Minutes before the start of the final rehearsal, the director gives Stella a note about her performance. The cast (Stella included) begins to laugh, and the nervous energy from the final dress jitters begins to wash away. But despite the jovial demeanor, the group is not only here for fun; they have worked for weeks on end to bring a strong performance of a local favorite to the Oxford community.
Theatre Oxford, the community theater of Oxford since 1997, is honoring the 100th birthday of Tennessee Williams with a production of one of his most well-known gems, “A Streetcar Named Desire,” this week at The Powerhouse to close out the 2010-2011 season.
Set in late 1940s New Orleans, La., “Streetcar” tells the story of the overly-dramatic and self-indulgent Blanche DuBois’s return to her sister, Stella Kowalski, after quite a few years of lackluster correspondence. Her lengthy visit brings Kowalski’s husband Stanley extra stress and frustration, building to one of the most iconic scenes and lines of entertainment history.
Jared Davis, University of Mississippi theater alum and current university staff member, stepped in to direct the production after a last-minute drop-out by the original director. Having worked closely with the Ole Miss theater department during his undergraduate career, Davis was recommended for the position.
As he darts around from the man hanging lights to the stage manager calling times to the actors questioning their blocking, Davis fights to bring a professional, high-scale feel to a low-budget production.
Since the production was set to honor the great Southern playwright, Davis voted to leave the script virtually untouched. While the production might be longer than what a modern-day audience is accustomed to, he felt it was important to do the show the way Williams’ intended it.
“I was trying to do Williams’ full script without cutting it to bits — I wanted to do what he wrote,” Davis said. “He put a lot of work into every single line, not just the important parts of the scene. Other scripts I wouldn’t feel as concerned about cutting, but Williams…he really slaved over every word, and that’s important to me.”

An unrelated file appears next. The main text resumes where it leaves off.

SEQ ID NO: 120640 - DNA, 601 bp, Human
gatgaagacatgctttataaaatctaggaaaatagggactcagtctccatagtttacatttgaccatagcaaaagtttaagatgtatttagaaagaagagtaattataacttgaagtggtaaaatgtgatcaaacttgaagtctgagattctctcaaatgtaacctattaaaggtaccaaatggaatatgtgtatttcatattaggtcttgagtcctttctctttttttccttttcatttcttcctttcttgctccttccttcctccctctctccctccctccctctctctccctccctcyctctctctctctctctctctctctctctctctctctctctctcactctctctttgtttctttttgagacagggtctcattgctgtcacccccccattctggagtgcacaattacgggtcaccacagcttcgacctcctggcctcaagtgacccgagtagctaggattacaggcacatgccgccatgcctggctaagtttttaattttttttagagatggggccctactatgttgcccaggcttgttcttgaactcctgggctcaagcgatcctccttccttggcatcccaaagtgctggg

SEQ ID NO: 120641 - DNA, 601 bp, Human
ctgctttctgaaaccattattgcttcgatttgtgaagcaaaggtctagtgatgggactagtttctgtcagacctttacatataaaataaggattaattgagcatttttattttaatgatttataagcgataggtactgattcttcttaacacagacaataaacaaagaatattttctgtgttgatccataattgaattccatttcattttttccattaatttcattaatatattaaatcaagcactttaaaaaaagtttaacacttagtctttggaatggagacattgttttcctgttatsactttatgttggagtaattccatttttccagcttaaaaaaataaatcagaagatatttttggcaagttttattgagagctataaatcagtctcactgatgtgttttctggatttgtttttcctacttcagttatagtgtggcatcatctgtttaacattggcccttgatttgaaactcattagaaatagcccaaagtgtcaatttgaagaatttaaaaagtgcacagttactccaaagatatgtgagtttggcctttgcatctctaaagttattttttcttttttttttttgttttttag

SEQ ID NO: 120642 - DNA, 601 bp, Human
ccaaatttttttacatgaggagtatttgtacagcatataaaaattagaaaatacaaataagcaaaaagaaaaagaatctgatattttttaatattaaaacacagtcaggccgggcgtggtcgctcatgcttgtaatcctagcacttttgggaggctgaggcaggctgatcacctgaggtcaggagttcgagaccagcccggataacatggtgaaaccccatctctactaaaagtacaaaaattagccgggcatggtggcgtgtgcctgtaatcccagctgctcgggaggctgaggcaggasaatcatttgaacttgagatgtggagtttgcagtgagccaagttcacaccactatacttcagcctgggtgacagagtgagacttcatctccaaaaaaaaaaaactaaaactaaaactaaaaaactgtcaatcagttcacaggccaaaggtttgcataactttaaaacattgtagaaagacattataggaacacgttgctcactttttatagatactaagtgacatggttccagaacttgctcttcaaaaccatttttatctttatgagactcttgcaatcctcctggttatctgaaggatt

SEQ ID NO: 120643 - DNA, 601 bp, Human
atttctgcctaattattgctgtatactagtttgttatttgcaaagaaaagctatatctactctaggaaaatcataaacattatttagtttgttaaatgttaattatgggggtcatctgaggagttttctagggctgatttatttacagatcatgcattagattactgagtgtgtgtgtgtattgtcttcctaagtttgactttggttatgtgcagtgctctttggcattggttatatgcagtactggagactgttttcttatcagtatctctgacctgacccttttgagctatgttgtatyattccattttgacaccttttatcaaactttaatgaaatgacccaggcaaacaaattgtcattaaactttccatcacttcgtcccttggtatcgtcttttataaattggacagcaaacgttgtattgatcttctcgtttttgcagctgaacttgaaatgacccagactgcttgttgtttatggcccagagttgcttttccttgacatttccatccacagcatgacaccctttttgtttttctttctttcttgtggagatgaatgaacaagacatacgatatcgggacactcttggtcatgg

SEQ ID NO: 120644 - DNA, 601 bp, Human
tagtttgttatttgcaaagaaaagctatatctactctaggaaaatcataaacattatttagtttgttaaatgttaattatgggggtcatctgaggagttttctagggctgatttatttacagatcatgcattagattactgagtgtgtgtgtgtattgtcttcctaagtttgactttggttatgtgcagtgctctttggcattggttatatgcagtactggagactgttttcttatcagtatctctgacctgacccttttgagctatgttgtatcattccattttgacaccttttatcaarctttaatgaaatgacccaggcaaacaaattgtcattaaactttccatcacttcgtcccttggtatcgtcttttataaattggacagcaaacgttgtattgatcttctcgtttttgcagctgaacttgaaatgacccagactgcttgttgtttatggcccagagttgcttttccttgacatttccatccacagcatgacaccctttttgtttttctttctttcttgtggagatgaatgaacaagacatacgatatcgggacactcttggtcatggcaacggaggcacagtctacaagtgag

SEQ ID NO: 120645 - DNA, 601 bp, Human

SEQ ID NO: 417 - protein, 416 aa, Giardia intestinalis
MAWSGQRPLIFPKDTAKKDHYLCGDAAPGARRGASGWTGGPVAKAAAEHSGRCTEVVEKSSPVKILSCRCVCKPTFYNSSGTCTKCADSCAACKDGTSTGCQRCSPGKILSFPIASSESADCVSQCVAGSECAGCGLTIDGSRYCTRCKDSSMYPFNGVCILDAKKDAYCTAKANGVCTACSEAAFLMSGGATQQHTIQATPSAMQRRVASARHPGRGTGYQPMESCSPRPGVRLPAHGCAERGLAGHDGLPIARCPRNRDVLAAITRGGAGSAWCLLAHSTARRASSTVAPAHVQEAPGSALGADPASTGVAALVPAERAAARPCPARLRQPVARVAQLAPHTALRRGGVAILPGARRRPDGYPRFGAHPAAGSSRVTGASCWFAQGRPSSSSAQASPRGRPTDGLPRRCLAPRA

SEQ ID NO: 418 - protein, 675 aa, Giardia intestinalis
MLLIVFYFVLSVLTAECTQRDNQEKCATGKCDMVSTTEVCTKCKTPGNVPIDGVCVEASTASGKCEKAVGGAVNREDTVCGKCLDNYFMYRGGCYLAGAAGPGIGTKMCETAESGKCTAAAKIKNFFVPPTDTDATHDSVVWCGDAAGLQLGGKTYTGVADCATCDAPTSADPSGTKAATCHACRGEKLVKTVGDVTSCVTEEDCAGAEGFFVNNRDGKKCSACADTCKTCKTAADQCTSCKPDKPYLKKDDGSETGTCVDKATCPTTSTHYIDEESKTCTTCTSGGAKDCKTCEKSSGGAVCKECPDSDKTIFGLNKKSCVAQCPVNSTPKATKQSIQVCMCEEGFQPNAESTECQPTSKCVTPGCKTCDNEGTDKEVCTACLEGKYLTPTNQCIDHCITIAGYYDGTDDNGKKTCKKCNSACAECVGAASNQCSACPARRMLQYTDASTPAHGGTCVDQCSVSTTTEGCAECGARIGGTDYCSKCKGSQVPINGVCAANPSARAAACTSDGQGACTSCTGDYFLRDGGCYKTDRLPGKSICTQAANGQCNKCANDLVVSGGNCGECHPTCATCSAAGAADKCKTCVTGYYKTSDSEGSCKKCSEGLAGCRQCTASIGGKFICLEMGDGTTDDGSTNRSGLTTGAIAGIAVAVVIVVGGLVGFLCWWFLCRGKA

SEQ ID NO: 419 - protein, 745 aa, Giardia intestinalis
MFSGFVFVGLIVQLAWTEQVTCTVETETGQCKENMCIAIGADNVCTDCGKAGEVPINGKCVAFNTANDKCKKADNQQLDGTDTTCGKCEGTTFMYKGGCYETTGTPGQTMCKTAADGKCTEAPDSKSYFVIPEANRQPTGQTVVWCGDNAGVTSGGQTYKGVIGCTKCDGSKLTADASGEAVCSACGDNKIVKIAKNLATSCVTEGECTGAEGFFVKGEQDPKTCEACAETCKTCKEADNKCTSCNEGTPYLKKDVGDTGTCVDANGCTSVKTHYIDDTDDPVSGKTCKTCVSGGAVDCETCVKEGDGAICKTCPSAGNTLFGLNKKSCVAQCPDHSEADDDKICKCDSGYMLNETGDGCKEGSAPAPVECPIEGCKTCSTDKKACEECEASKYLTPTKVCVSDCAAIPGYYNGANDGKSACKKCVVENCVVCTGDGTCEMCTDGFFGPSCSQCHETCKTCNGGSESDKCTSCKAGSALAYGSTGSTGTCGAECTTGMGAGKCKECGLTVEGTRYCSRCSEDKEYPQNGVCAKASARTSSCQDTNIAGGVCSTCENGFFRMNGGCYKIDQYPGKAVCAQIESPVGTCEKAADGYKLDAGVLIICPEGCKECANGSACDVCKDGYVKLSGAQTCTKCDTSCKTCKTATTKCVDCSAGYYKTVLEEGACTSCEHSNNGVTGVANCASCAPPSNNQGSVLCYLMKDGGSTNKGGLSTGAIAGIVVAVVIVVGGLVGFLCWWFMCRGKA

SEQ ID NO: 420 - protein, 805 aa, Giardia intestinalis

Davis was willing to step up not only because of his love for Williams, but also because of the opportunities the local arts scene has to offer.
“At this time, there are few boundaries as to how far it can go,” Davis said. “The idea of building up the arts in this town, shedding new, younger light, is incredible.”
At the auditions in April, students from the university mingled with the community members for the first time in the company’s history, which is a sign that the community is growing and attracting more attention among young adults.
“The scene, the community — it’s growing,” Davis said. “It’s not as distant as professional theater, so it draws in people who wouldn’t usually take in a show. Coming to watch is coming to support your friends and neighbors, not just someone’s bank account.”
One of the most overlooked aspects of the theater are the people working tirelessly backstage in the dark to make sure no skirt catches fire and no shoelace gets snagged on a nail. A major attribute of the cast and crew of Theatre Oxford is their willingness to work day and night without pay, using the motivation that their work will not only help the production, but the community as a whole.
The current schedule for their upcoming season includes a ten-minute play festival in late September, “A Christmas Presence” by Dinah Swan in December, “Glengarry Glen Ross” by David Mamet in February, and “Steel Magnolias” by Robert Harling next August.
Tickets are $12 for the Wednesday and Friday performances and can be purchased at The Powerhouse or theatreoxford.com. House opens at 7:30 p.m. with a curtain time of 8 p.m.
Tickets for the dinner theater performance Thursday night are $40. Dinner begins at 6:30 p.m. with an 8 p.m. curtain time.
Members of the Yoknapatawpha Arts Council will receive a discount, and Theatre Oxford is always looking for willing volunteers to help with their productions.
For more information, visit theatreoxford.com or email the group at email@example.com.
@ The Daily Mississippian — Oxford, Miss.